Venus Williams in peerless form as she reaches final
Venus Williams won the last nine games in a dominant display as she crushed Israeli Shahar Peer 6-3 6-0 to reach the final of the WTA Madrid Masters, her fourth final from six events in 2010.sports Updated: May 15, 2010 21:22 IST
Venus Williams won the last nine games in a dominant display as she crushed Israeli Shahar Peer 6-3 6-0 to reach the final of the WTA Madrid Masters on Saturday, her fourth final from six events in 2010.
The American fourth seed - who will move to second on the WTA list behind her sister Serena on Monday - will be bidding for her 44th career title and third of the year when she faces either of the unseeded duo France's Aravane Rezai or Lucie Safarova of the Czech Republic.
Williams overcame a minor niggle through an opening break of serve by the 22nd-ranked Israeli, who upset fifth seed Svetlana Kuznetsova in the opening round a week ago.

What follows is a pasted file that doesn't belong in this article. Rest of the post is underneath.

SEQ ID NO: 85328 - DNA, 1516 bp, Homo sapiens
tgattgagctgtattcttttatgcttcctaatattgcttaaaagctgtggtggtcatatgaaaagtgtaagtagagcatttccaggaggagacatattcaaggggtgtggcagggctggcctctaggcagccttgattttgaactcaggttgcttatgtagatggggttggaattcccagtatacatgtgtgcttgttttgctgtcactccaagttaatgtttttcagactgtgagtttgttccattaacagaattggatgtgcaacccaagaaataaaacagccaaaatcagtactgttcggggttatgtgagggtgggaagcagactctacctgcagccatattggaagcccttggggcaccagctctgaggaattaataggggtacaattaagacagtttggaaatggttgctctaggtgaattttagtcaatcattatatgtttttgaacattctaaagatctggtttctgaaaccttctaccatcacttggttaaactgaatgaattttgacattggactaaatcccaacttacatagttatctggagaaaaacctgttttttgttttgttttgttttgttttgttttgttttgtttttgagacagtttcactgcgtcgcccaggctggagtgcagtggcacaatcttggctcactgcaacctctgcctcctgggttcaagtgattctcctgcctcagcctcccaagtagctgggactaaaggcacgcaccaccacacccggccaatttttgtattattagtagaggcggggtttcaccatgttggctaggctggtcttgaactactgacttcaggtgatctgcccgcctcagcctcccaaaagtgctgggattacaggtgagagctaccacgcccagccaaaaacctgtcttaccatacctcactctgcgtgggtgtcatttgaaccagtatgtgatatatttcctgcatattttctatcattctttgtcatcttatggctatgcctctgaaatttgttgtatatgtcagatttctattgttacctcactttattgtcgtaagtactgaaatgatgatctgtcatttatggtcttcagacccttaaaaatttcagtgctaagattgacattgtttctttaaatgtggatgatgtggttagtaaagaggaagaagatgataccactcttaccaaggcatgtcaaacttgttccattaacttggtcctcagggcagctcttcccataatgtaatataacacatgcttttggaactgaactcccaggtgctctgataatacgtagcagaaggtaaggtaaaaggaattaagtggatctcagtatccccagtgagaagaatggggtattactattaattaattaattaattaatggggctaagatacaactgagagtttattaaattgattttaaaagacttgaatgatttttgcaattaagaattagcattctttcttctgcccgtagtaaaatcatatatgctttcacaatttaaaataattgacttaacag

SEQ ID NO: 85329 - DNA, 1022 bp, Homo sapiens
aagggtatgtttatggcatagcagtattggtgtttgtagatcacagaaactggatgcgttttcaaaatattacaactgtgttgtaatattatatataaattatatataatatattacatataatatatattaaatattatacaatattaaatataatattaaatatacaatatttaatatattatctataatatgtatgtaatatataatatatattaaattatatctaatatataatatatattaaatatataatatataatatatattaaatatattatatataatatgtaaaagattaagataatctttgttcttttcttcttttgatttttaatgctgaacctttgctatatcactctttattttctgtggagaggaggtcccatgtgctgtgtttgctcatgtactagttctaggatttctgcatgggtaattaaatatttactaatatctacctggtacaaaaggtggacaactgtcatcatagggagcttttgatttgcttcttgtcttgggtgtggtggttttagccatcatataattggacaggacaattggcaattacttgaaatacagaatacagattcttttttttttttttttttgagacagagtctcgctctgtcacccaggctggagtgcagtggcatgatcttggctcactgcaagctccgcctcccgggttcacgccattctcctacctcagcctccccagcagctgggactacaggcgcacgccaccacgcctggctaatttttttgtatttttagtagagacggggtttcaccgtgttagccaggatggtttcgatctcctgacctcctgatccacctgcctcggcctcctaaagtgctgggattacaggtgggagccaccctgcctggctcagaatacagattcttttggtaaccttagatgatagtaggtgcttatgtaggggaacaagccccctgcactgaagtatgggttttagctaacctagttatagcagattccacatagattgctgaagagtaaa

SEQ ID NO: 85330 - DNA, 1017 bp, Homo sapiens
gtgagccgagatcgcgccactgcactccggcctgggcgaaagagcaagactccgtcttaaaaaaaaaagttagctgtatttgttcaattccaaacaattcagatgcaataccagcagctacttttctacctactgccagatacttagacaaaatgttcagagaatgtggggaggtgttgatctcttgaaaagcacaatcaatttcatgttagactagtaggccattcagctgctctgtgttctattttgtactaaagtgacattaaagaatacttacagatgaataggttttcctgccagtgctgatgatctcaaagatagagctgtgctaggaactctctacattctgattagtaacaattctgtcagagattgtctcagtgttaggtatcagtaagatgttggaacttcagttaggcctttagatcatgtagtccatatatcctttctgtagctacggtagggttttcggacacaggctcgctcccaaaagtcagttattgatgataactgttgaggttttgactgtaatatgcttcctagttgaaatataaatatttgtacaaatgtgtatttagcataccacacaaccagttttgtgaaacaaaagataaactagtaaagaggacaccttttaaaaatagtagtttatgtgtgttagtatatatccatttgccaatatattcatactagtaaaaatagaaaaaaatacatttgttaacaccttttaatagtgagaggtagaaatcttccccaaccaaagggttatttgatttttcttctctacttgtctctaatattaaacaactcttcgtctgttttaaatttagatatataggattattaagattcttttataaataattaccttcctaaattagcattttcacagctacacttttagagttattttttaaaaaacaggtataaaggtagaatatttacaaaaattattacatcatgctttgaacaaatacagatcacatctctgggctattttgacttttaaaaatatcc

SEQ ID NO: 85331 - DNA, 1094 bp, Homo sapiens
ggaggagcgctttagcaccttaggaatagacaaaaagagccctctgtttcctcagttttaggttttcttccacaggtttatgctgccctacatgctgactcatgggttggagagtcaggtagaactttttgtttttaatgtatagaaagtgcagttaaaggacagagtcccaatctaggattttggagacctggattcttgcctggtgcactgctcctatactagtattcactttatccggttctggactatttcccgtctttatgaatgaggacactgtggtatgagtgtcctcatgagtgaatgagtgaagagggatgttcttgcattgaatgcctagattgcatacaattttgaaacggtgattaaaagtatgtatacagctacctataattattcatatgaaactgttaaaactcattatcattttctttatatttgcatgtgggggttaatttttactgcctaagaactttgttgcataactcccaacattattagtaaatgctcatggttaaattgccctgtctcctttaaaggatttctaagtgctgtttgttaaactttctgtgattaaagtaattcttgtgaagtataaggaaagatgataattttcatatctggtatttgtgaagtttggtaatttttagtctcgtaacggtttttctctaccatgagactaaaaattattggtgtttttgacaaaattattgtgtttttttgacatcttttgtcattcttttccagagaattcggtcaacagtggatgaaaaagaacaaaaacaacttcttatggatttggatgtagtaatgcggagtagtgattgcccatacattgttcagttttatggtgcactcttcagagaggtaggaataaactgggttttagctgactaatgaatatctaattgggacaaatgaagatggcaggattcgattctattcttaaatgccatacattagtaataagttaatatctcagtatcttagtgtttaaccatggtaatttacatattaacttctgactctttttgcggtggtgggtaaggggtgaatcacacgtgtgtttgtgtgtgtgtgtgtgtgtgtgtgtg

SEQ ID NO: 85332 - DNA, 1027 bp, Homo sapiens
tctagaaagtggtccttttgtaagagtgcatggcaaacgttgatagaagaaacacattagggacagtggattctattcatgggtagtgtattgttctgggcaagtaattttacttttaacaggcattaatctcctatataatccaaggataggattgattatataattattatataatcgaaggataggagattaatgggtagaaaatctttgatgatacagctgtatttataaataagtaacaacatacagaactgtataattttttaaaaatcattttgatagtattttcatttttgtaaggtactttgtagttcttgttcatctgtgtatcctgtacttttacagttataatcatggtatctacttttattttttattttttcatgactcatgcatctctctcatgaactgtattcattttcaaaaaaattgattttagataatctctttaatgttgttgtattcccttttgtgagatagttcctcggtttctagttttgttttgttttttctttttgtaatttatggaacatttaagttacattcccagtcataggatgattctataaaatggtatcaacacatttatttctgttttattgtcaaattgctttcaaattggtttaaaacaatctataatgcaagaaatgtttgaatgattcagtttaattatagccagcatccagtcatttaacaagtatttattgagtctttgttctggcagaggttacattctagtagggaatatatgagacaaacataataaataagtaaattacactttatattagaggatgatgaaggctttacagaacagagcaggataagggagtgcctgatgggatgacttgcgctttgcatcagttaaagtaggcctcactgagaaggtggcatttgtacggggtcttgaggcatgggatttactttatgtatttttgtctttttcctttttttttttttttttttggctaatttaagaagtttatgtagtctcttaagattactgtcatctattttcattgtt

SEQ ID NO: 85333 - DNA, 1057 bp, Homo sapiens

Williams improved to 12-1 this season on clay, requiring just 66 minutes to complete her rout.
"We exchanged a couple of breaks, she's (Peer) a really tenacious player," said Williams. "She's very talented, with a never-say-die spirit.
"I was ready for that, and after those (early) games I just seemed to be able to find the corners. I can't complain about being able to play that well against a player like her.
"To have come out on top so far feels good. I've been happy with my form and I'm going to try to keep it going tomorrow (Sunday)."
The 29-year-old who turns 30 in June, stands 5-0 against Peer, having never lost a set in their series. The victory marked by 17 winners and six breaks of serve was her third of the year over Peer after Dubai and Rome.
Williams got her powerful game together from the fourth game of the contest to ease to victory, winning three love games in the first set and another in the second.
Williams will be bidding for her tenth career title on the dirt, but has claimed only two at the top WTA tournaments, in Rome 11 years ago and Charleston in 2004.
"I feel like I've had a good career on clay courts," added the winner. "The ultimate is to win the French, and I've come close (she reached the 2002 final).
"I think I've won every other tournament except the French on clay, so I'd like to take it one more step."
Peer failed to get past a Top-10 opponent for a sixth time in her career, but maintained her pace in winning statistics with a 27-10 record this season, best on the women's tour.